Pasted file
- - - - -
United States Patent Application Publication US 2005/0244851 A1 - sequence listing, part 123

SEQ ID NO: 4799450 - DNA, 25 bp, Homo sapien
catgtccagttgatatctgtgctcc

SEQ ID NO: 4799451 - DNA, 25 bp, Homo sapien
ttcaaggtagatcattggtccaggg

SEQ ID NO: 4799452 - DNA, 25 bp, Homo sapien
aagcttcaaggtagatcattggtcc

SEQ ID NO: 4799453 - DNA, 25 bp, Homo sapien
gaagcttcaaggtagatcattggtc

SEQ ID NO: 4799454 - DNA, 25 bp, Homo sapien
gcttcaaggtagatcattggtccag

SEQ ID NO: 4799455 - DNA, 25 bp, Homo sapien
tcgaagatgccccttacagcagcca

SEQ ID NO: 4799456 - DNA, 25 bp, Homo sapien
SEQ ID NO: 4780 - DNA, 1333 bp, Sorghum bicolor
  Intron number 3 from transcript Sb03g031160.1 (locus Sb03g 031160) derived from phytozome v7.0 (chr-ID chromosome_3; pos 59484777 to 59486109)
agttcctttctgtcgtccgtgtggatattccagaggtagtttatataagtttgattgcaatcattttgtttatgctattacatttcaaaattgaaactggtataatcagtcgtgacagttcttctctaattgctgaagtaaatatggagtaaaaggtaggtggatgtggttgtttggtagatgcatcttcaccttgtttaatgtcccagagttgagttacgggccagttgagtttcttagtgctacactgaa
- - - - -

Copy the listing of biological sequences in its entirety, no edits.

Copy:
United States Patent Application Publication US 2005/0244851 A1 - sequence listing, part 123

SEQ ID NO: 4799450 - DNA, 25 bp, Homo sapien
catgtccagttgatatctgtgctcc

SEQ ID NO: 4799451 - DNA, 25 bp, Homo sapien
ttcaaggtagatcattggtccaggg

SEQ ID NO: 4799452 - DNA, 25 bp, Homo sapien
aagcttcaaggtagatcattggtcc

SEQ ID NO: 4799453 - DNA, 25 bp, Homo sapien
gaagcttcaaggtagatcattggtc

SEQ ID NO: 4799454 - DNA, 25 bp, Homo sapien
gcttcaaggtagatcattggtccag

SEQ ID NO: 4799455 - DNA, 25 bp, Homo sapien
tcgaagatgccccttacagcagcca

SEQ ID NO: 4799456 - DNA, 25 bp, Homo sapien
SEQ ID NO: 4780 - DNA, 1333 bp, Sorghum bicolor
  Intron number 3 from transcript Sb03g031160.1 (locus Sb03g 031160) derived from phytozome v7.0 (chr-ID chromosome_3; pos 59484777 to 59486109)
agttcctttctgtcgtccgtgtggatattccagaggtagtttatataagtttgattgcaatcattttgtttatgctattacatttcaaaattgaaactggtataatcagtcgtgacagttcttctctaattgctgaagtaaatatggagtaaaaggtaggtggatgtggttgtttggtagatgcatcttcaccttgtttaatgtcccagagttgagttacgggccagttgagtttcttagtgctacactgaa